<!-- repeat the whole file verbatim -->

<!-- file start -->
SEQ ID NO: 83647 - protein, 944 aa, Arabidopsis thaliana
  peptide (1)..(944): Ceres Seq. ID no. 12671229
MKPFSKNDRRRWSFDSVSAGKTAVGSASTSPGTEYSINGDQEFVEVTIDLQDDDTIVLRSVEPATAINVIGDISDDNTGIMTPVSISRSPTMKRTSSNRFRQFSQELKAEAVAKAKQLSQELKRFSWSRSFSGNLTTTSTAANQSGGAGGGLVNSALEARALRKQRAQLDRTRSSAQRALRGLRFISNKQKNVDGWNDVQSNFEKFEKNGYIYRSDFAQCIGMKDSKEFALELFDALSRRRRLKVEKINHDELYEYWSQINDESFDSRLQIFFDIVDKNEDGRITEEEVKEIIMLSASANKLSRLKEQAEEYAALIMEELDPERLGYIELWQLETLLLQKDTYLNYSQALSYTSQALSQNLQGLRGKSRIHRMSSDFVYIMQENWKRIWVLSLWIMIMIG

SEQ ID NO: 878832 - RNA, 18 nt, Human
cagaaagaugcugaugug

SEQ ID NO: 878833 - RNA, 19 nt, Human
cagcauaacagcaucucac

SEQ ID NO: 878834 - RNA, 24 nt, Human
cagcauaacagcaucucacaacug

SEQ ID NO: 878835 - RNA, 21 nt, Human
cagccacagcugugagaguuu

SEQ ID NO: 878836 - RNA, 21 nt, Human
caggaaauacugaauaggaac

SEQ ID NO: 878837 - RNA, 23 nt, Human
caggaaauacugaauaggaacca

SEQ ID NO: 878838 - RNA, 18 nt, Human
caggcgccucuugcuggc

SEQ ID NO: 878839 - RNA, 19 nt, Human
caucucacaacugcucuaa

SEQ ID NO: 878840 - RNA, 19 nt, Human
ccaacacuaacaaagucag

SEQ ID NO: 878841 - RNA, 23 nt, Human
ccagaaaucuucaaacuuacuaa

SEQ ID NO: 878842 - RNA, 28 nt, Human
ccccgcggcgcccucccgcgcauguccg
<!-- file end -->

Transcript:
SEQ ID NO: 83647 - protein, 944 aa, Arabidopsis thaliana
  peptide (1)..(944): Ceres Seq. ID no. 12671229
MKPFSKNDRRRWSFDSVSAGKTAVGSASTSPGTEYSINGDQEFVEVTIDLQDDDTIVLRSVEPATAINVIGDISDDNTGIMTPVSISRSPTMKRTSSNRFRQFSQELKAEAVAKAKQLSQELKRFSWSRSFSGNLTTTSTAANQSGGAGGGLVNSALEARALRKQRAQLDRTRSSAQRALRGLRFISNKQKNVDGWNDVQSNFEKFEKNGYIYRSDFAQCIGMKDSKEFALELFDALSRRRRLKVEKINHDELYEYWSQINDESFDSRLQIFFDIVDKNEDGRITEEEVKEIIMLSASANKLSRLKEQAEEYAALIMEELDPERLGYIELWQLETLLLQKDTYLNYSQALSYTSQALSQNLQGLRGKSRIHRMSSDFVYIMQENWKRIWVLSLWIMIMIG

SEQ ID NO: 878832 - RNA, 18 nt, Human
cagaaagaugcugaugug

SEQ ID NO: 878833 - RNA, 19 nt, Human
cagcauaacagcaucucac

SEQ ID NO: 878834 - RNA, 24 nt, Human
cagcauaacagcaucucacaacug

SEQ ID NO: 878835 - RNA, 21 nt, Human
cagccacagcugugagaguuu

SEQ ID NO: 878836 - RNA, 21 nt, Human
caggaaauacugaauaggaac

SEQ ID NO: 878837 - RNA, 23 nt, Human
caggaaauacugaauaggaacca

SEQ ID NO: 878838 - RNA, 18 nt, Human
caggcgccucuugcuggc

SEQ ID NO: 878839 - RNA, 19 nt, Human
caucucacaacugcucuaa

SEQ ID NO: 878840 - RNA, 19 nt, Human
ccaacacuaacaaagucag

SEQ ID NO: 878841 - RNA, 23 nt, Human
ccagaaaucuucaaacuuacuaa

SEQ ID NO: 878842 - RNA, 28 nt, Human
ccccgcggcgcccucccgcgcauguccg